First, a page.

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Chasing the unfulfilled promises of fair housing over the decades

One of the nation’s leading fair housing attorneys, and former Senior Trial Attorney at the Civil Rights Division of the U.S. Department of Justice in the Housing & Civil Enforcement Section, Diane L. Houk was the keynote speaker at the “The Promise of the Fair Housing Act 50 Years Later: A Look at the Past, Present and Future” event on March 14.

Hosted by the Eastern District of Wisconsin Bar Association and the Wisconsin Association of African-American Lawyers, the speakers and panel commemorated the 50th anniversary of the fair housing marches, and the passage of the Fair Housing Act.

The program highlighted events that led to the eventually the passage of the Fair Housing Act, and look at national fair housing stories as an indicator of what the future holds for Milwaukee.

Moderated by the Honorable Patricia J. Gorence, Magistrate Judge of U.S. District Court for the Eastern District of Wisconsin, panelists included Earl Bracy, Psy.D., Bracy Psychological Services LLC and 1967-68 Fair Housing Marcher; James H. Hall Jr., Esq., Hall, Burce & Olson SC and former President of the NAACP Milwaukee Chapter; and Kori Schneider Peragine, Metropolitan Milwaukee Fair Housing Council

The presentation by Diane L. Houk covered a broad history of the local fair housing situation, impacted by national events, including, the role of Wisconsin Federal Courts in enforcement of the Fair Housing Act, the changing nature of housing discrimination over thirty years, and Milwaukee’s governmental-directed discriminatory housing policies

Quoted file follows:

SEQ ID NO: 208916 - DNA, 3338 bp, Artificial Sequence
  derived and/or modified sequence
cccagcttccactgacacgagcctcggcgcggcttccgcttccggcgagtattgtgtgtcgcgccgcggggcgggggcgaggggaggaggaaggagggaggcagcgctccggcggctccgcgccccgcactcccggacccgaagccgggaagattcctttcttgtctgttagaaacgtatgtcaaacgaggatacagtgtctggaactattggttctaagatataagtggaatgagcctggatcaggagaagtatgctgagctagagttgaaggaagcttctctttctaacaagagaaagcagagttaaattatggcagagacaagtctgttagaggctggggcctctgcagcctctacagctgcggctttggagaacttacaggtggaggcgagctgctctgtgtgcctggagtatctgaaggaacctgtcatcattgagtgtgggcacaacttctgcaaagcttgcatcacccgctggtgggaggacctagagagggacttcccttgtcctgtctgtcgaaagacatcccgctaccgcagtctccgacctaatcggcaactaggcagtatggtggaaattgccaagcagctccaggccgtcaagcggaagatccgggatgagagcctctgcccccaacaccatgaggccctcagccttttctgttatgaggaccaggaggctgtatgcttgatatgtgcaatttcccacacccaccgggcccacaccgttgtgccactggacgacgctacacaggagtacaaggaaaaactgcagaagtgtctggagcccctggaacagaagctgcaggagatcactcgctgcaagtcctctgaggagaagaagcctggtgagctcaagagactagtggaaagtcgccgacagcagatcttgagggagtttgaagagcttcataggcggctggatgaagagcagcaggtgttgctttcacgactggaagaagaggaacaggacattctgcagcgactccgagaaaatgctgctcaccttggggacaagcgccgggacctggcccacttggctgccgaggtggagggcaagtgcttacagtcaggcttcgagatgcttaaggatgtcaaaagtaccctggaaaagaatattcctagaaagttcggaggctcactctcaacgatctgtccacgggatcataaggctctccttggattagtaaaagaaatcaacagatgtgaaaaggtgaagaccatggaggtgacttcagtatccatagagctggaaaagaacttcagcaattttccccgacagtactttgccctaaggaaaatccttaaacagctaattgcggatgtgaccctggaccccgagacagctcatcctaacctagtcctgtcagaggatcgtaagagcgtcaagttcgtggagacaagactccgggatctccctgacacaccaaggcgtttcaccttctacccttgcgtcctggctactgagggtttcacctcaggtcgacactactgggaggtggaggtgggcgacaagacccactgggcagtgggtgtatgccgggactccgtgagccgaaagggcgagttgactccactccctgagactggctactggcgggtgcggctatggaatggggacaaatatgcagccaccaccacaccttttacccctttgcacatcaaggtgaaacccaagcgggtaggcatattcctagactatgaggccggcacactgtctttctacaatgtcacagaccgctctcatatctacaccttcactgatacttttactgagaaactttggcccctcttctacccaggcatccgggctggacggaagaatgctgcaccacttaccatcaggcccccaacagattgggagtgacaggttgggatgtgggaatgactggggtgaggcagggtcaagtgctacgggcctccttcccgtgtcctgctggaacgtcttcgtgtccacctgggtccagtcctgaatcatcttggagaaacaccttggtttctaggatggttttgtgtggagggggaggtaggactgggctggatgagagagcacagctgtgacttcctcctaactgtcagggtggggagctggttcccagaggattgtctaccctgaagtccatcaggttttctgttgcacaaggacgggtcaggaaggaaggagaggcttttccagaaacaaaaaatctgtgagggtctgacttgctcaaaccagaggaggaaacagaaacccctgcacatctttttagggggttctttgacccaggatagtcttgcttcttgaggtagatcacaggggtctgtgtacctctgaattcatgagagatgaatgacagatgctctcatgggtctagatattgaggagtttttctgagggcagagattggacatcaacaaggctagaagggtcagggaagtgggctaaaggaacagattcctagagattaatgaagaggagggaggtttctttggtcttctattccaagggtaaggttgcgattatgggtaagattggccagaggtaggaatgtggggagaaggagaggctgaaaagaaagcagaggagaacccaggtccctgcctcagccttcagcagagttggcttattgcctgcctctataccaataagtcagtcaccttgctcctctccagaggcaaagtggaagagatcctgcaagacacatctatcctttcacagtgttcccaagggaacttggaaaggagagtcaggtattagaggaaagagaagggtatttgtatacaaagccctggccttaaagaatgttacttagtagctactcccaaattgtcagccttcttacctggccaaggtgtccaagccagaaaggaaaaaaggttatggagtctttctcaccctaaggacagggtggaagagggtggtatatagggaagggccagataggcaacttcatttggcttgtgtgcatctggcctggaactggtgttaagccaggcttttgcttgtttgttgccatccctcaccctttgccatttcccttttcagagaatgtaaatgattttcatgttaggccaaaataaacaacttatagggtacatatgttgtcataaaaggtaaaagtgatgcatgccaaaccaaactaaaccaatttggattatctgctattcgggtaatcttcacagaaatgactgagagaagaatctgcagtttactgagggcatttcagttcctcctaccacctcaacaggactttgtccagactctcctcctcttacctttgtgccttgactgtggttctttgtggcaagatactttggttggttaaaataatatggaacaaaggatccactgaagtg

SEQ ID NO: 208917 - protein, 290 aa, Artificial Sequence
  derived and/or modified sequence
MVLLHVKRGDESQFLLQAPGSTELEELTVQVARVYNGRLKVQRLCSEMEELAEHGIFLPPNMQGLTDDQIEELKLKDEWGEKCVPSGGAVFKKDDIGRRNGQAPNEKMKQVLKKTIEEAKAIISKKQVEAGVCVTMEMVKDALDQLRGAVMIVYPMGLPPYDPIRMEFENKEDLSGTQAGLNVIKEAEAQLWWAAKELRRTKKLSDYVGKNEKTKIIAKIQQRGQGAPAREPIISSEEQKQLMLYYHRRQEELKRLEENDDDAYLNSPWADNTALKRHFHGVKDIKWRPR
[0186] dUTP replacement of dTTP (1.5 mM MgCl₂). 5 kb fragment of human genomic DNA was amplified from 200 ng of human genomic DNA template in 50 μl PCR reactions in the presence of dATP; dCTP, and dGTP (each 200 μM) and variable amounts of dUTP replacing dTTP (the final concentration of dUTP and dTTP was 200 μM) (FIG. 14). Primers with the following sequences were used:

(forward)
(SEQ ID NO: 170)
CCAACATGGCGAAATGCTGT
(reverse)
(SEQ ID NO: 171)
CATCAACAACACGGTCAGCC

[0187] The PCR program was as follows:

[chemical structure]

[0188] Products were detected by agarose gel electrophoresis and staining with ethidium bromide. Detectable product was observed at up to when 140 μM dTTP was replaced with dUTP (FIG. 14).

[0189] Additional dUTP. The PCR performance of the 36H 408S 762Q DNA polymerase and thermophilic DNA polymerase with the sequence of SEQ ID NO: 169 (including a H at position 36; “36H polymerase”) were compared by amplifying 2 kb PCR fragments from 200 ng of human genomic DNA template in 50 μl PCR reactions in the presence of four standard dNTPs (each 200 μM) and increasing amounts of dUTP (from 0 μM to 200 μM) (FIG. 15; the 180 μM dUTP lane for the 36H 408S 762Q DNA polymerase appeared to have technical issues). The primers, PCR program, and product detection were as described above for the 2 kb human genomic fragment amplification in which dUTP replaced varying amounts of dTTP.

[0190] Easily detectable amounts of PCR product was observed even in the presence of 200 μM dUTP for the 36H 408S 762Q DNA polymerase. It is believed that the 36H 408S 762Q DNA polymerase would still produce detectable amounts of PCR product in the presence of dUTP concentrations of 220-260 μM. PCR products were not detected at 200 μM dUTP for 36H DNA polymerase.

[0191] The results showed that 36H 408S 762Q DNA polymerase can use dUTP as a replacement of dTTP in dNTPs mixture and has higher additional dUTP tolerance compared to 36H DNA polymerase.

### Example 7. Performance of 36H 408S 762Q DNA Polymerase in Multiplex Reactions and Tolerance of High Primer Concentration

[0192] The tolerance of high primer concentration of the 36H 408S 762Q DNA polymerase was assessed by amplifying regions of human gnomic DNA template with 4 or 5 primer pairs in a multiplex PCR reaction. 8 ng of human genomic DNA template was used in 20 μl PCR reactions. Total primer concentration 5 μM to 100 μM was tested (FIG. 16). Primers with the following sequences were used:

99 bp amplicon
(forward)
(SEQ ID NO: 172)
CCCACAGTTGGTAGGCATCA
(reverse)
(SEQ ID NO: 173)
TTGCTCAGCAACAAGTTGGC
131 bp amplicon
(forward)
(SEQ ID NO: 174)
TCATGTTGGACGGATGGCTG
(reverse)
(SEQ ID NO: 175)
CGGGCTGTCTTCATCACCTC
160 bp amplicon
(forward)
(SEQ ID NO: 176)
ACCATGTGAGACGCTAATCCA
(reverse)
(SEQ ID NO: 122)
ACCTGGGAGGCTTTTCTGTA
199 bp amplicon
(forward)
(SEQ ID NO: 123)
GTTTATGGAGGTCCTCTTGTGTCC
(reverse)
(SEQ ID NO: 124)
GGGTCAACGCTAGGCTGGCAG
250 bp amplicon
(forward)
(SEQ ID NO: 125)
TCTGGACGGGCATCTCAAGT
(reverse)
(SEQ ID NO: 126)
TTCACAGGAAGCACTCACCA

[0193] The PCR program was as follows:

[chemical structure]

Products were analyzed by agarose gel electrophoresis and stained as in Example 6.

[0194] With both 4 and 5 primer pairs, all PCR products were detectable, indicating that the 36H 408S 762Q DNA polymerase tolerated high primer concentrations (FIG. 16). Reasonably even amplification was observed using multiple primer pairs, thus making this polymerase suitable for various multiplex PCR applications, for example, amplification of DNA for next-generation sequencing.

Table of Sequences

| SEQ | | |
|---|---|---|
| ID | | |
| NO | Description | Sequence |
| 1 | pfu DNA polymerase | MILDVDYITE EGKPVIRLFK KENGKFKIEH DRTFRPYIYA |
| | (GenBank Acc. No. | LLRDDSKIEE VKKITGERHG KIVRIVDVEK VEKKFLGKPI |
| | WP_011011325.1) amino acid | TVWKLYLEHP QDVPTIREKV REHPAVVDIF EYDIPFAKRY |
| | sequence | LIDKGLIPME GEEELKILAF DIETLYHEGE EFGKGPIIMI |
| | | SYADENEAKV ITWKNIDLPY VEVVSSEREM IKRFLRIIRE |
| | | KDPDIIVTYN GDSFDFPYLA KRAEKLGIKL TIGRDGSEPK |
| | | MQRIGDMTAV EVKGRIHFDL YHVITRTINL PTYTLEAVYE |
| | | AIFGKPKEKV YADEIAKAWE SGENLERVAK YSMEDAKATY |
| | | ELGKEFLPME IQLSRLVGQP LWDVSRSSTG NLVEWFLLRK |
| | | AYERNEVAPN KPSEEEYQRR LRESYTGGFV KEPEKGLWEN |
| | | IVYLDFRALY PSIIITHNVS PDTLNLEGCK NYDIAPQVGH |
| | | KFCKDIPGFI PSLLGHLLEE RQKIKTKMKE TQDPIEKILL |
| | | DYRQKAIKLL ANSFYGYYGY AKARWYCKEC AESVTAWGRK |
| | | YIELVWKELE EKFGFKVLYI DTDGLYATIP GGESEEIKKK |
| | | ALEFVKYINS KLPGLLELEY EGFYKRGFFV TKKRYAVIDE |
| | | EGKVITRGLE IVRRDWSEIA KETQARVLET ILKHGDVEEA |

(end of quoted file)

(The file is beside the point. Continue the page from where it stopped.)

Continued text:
The audio segments were recorded live during the event, and the companion images highlight the civic leaders and members of the public who attended.

About

A compiled list by James H. Hall, Jr. features the contexts that shaped the establishment, evolution, and current condition of housing opportunities for racial minorities in Milwaukee.

An overview of issues related to housing discrimination practices
  1. Racial Steering – real estate brokers show certain properties and neighborhoods to
    only blacks or whites.
  2. Block Busting – Real estate brokers would panic white homeowners to sell their homes at below market value with warning that their neighborhood was turning majority black.
  3. Insurance Redlining – Insurers’ practice of refusing to insure or to vary the terms of insurance because of some neighborhood characteristics (racial or ethnic factors)
  4. Hyper-segregation – A community that is highly segregated on all five measures of segregation (evenness, exposure, clustering, centralization and concentration).
    Dr. Marc Levine has noted that according to a 1980 study, eight cities in the U.S. were considered hyper-segregated: Buffalo, Chicago, Cleveland, Detroit, Los Angeles, Milwaukee, New York and St. Louis. By 2014, Milwaukee was the only city on the list of eight that was still hyper-segregated.
  5. Predatory Lending – Predatory lending is any lending practice that imposes unfair or abusive loan terms on a borrower. These include adjustable rate mortgages and “Interest Only” rates. It is also any practice that convinces a borrower to accept unfair terms through deceptive, coercive, exploitative or unscrupulous actions for a loan that a borrower does not need, does not want or cannot afford. Communities of color have been the target of such predatory practices. These practices contribute to high foreclosure rates in minority communities.